Lunga Simelane
2 minute read
27 Jan 2022
4:15 am

Do not end the state of disaster yet, says top doctor

Lunga Simelane

Next month will be two years since President Cyril Ramaphosa declared the state of disaster under the Disaster Management Act (DMA), which freed up the resources for government to respond to the pandemic.

Empty streets in Cape Town during the Covid-19 lockdown. Picture: Gallo Images. File picture.

While many people want an end to the national state of disaster as they believe regulations are creating more disruptions than the actual pandemic, it may not be a good idea.

Next month will be two years since President Cyril Ramaphosa declared the state of disaster under the Disaster Management Act (DMA), which freed up the resources for government to respond to the pandemic.

South African Medical Association (Sama) chairperson Dr Angelique Coetzee said the end of the national state of disaster would be a “huge problem”, as certain provisions to the regulations, specifically the Health Act, were not in place.

“It becomes very difficult for the minister of health to do compulsory mandating,” she said.

Coetzee said the country was not out of the pandemic yet.

“It is still too early to say whether omicron or any other variants would become endemic. That can only be said in about six to eight months,” she said.

According to Coetzee, it was highly unlikely that restrictions such as maskwearing would just be lifted. She said to change regulatory measures, such as the compulsoriness of wearing masks, requires of the minister to wait for three months, as input was necessary.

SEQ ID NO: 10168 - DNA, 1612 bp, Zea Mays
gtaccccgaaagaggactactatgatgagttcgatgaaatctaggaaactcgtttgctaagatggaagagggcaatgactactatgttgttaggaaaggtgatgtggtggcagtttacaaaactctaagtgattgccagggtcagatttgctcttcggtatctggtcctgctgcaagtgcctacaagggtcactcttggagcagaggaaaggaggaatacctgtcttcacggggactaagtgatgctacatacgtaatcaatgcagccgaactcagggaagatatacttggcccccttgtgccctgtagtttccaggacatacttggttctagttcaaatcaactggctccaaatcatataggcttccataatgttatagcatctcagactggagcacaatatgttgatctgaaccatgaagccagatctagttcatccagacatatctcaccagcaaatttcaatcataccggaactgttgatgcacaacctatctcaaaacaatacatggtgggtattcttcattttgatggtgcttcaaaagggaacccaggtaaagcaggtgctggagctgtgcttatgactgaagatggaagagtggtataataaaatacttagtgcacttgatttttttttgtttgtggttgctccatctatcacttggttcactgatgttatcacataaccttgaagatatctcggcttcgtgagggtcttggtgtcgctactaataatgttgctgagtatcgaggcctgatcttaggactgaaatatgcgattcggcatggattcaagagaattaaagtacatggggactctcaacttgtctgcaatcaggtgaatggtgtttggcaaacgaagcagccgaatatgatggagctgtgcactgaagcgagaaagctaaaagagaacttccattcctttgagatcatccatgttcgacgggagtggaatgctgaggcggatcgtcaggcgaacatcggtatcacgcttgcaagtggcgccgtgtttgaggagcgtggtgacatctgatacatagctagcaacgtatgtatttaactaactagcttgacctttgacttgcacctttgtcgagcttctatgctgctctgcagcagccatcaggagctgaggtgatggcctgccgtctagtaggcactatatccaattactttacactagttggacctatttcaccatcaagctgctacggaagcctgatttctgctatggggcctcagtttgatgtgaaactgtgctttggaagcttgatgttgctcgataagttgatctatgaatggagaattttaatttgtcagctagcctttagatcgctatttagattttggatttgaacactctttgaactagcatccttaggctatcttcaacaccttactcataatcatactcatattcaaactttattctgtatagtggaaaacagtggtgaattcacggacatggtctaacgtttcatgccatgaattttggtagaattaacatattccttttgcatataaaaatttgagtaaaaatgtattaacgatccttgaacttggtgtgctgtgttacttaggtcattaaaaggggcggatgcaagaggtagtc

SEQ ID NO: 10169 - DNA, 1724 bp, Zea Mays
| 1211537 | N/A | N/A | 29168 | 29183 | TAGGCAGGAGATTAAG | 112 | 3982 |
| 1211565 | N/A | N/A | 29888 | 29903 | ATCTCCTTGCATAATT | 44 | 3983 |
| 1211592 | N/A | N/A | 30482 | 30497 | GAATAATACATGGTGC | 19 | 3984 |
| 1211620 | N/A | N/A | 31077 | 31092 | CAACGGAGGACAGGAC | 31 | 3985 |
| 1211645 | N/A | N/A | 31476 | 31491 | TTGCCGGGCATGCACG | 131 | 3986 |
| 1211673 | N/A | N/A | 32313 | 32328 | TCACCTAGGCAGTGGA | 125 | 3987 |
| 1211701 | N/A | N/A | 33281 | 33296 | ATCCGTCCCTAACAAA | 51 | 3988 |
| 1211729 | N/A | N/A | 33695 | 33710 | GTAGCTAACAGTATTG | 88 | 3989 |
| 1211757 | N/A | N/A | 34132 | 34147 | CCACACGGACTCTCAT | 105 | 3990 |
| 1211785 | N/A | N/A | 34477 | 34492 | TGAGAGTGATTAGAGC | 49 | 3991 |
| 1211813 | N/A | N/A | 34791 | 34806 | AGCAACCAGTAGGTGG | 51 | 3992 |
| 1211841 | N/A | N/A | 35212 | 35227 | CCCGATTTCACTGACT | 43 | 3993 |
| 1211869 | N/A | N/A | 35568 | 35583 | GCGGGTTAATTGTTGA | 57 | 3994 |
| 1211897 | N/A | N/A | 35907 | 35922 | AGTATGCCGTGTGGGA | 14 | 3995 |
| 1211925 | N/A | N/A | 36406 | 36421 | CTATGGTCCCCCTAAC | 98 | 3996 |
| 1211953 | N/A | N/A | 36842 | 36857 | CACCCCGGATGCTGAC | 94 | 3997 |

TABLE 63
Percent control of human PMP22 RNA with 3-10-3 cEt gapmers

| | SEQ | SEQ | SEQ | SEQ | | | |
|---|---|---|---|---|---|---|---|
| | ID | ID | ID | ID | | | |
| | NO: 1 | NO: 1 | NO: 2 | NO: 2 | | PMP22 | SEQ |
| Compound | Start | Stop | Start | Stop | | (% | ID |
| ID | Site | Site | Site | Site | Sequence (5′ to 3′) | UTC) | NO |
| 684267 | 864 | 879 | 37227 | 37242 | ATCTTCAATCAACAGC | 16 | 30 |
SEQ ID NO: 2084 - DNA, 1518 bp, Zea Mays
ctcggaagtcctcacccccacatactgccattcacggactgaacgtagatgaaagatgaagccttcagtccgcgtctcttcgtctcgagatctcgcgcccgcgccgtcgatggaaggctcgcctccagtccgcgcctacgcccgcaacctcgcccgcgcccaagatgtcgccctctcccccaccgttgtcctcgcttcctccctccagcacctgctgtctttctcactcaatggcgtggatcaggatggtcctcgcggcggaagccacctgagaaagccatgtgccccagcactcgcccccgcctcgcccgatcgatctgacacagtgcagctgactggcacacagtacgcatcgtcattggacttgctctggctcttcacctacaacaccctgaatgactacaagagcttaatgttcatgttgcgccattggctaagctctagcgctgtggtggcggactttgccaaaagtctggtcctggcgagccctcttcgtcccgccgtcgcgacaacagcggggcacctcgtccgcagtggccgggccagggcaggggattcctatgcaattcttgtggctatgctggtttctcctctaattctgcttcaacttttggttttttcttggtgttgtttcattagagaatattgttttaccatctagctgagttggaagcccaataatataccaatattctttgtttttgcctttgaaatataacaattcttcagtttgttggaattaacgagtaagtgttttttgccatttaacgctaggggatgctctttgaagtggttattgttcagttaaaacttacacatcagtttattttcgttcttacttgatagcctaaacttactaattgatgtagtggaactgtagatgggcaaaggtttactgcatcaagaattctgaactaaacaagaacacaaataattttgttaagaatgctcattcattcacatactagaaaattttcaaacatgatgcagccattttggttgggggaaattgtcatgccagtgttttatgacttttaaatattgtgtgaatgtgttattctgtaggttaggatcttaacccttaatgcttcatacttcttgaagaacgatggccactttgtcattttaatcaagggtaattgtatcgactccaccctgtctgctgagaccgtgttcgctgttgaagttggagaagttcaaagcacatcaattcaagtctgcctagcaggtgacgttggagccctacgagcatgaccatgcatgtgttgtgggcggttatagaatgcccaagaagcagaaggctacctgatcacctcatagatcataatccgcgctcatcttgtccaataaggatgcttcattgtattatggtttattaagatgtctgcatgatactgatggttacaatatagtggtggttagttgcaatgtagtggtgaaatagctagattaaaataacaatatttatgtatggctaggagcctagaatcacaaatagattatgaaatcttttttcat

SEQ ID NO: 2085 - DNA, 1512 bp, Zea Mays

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Coetzee noted that the country would not be able to handle a fifth wave due to the risks.

“If something [catastophic] would happen and we are out of the national state of disaster, it would mean the minister would be required to re-enforce it [the state of disaster],” she said.

“It is easier for the minister to bring it back if regulations are already in place.”

Department of health spokesperson Foster Mohale said the DMA and its regulations were not only about health.

“There are other government departments who are able to provide services through DMA regulations,” he said.

“They, too, need to ensure their regulations are able to do what they need to do.”

Mohale says the department will ensure necessary regulations are in place to manage any eventuality and some regulations at their disposal required strengthening.

Meanwhile, health sciences lecturers from the University of Witwatersrand said the government needed to set up a permanent pandemic preparedness body.